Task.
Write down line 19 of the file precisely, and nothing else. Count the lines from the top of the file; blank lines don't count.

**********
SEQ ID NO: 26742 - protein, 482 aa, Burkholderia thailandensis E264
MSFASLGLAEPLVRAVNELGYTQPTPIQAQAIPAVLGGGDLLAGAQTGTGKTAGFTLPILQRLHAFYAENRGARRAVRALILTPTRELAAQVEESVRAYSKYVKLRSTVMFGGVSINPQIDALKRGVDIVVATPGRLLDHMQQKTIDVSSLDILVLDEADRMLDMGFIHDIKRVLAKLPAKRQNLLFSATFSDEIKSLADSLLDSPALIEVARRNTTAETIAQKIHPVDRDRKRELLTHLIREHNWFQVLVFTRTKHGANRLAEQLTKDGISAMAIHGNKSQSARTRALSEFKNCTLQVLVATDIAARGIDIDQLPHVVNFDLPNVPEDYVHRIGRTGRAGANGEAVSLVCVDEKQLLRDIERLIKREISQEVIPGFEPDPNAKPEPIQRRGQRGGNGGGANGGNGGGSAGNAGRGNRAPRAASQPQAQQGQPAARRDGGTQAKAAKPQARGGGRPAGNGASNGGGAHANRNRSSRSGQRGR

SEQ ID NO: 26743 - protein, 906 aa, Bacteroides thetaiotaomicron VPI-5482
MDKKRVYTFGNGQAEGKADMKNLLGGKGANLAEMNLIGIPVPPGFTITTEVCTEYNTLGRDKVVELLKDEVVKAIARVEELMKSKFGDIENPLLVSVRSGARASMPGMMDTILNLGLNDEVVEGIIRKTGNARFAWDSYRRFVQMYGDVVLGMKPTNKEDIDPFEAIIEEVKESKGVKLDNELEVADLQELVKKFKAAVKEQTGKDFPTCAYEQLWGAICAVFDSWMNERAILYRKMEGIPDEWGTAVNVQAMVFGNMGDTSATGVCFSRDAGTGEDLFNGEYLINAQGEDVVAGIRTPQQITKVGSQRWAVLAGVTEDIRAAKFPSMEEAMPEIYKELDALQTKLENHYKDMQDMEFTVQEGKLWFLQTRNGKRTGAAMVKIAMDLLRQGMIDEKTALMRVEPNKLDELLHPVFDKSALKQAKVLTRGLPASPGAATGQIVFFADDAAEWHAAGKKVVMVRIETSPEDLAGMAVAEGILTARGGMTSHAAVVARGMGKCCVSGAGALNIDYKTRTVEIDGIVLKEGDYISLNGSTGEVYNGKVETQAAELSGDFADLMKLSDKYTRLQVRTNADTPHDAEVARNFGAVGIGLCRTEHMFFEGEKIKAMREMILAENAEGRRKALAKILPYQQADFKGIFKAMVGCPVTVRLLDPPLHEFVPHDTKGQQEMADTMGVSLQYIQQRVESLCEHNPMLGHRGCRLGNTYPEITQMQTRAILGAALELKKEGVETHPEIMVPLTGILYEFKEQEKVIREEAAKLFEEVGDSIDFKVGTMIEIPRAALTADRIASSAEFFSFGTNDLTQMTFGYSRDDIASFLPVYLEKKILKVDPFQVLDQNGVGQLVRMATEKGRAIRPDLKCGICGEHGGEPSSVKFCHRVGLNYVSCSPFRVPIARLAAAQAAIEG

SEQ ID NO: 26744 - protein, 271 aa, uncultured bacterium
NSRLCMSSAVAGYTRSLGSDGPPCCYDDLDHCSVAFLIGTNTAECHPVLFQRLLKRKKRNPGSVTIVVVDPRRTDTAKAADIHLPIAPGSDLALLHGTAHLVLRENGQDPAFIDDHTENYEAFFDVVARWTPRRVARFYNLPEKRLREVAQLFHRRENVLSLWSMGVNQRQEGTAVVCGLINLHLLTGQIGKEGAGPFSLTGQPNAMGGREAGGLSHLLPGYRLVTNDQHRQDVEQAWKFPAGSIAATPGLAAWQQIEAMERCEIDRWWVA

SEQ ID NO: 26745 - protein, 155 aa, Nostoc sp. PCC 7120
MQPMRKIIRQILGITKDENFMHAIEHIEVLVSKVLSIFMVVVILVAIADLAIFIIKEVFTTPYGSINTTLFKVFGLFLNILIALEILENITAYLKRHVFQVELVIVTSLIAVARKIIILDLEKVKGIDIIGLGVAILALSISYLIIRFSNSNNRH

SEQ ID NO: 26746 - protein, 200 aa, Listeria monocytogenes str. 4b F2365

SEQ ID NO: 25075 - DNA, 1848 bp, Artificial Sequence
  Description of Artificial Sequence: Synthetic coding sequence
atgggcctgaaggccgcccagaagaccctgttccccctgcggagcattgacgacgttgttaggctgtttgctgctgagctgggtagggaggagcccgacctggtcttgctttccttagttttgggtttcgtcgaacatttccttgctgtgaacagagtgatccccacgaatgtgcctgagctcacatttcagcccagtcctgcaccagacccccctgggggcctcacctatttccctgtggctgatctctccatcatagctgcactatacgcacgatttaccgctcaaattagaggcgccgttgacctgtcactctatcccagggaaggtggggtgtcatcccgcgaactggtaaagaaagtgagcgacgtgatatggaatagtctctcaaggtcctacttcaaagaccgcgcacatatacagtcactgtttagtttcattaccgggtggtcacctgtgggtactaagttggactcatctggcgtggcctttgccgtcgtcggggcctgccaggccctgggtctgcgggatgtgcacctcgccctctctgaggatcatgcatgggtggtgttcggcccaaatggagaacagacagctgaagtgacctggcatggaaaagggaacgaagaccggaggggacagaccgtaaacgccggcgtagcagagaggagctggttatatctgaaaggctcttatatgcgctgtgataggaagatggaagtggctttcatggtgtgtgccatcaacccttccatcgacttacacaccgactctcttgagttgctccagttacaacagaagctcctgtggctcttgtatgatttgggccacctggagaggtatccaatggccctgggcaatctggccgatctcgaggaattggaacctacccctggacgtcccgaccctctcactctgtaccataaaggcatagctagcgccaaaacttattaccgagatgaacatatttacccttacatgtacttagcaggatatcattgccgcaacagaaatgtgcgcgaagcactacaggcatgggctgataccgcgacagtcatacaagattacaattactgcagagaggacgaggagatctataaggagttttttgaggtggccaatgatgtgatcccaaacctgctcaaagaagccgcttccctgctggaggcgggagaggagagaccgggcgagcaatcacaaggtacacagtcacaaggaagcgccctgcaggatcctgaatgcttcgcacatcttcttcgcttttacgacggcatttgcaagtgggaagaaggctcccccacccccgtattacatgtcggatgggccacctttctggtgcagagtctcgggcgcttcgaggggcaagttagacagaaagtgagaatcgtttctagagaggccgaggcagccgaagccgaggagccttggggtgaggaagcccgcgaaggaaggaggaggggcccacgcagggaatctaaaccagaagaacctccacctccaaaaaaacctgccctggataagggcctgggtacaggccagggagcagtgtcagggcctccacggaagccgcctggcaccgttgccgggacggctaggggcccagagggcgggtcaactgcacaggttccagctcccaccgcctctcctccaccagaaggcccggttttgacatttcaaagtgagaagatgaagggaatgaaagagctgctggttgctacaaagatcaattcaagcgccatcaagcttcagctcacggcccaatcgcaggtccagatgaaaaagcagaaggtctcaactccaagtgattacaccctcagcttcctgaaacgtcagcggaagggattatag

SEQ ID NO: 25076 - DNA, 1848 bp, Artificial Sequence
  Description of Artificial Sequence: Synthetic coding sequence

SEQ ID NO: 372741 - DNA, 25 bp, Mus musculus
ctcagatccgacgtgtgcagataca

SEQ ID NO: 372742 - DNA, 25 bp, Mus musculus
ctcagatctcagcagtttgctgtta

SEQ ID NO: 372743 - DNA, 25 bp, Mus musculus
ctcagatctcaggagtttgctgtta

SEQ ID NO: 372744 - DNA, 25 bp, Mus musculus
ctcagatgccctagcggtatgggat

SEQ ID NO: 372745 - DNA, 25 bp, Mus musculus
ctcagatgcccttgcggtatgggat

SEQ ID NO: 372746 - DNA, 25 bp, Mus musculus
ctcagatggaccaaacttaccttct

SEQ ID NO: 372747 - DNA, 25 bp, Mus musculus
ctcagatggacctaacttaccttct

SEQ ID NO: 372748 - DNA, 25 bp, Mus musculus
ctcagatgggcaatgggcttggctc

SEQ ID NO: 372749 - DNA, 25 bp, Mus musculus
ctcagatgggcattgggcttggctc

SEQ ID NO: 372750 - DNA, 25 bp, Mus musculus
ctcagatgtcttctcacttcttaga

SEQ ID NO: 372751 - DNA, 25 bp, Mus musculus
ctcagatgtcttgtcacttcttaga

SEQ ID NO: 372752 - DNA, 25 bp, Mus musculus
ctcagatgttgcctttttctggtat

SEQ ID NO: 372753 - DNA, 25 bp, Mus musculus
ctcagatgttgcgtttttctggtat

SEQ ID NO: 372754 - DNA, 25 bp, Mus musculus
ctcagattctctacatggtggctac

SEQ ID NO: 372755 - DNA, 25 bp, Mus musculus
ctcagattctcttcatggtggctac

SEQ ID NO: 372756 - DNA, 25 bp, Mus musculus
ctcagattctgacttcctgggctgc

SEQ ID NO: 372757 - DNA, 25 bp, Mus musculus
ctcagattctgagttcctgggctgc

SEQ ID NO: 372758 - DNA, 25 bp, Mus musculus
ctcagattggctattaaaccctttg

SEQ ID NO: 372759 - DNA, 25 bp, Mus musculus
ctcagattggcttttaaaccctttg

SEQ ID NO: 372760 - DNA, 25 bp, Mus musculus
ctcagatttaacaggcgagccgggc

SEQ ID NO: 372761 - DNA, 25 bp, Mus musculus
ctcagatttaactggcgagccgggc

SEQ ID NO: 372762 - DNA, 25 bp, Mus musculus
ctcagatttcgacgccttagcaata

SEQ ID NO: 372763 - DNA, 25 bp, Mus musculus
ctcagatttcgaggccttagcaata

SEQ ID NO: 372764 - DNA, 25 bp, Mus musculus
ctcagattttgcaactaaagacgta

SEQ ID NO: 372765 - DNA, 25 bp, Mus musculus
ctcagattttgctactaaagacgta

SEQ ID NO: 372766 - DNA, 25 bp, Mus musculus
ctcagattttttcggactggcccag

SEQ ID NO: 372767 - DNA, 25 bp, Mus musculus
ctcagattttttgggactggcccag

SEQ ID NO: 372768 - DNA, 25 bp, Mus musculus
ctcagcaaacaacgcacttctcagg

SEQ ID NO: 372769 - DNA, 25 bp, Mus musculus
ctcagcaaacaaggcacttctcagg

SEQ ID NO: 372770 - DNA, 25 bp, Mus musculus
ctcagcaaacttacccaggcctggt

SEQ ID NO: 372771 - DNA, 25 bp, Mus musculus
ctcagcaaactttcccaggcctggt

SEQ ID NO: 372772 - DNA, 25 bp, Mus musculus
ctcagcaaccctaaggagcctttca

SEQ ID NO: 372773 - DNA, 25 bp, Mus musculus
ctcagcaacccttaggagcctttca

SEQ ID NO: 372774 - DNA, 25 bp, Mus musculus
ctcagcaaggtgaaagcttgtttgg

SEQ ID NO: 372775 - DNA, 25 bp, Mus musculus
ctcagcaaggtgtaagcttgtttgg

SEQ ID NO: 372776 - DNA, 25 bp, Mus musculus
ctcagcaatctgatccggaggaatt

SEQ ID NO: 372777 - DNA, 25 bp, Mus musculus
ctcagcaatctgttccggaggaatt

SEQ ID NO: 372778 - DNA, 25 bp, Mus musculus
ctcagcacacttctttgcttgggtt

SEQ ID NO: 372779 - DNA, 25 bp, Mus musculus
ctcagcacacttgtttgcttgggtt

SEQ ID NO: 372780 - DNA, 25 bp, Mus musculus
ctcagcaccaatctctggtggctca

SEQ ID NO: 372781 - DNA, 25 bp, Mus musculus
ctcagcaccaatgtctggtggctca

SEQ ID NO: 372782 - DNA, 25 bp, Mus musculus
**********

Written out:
SEQ ID NO: 372743 - DNA, 25 bp, Mus musculus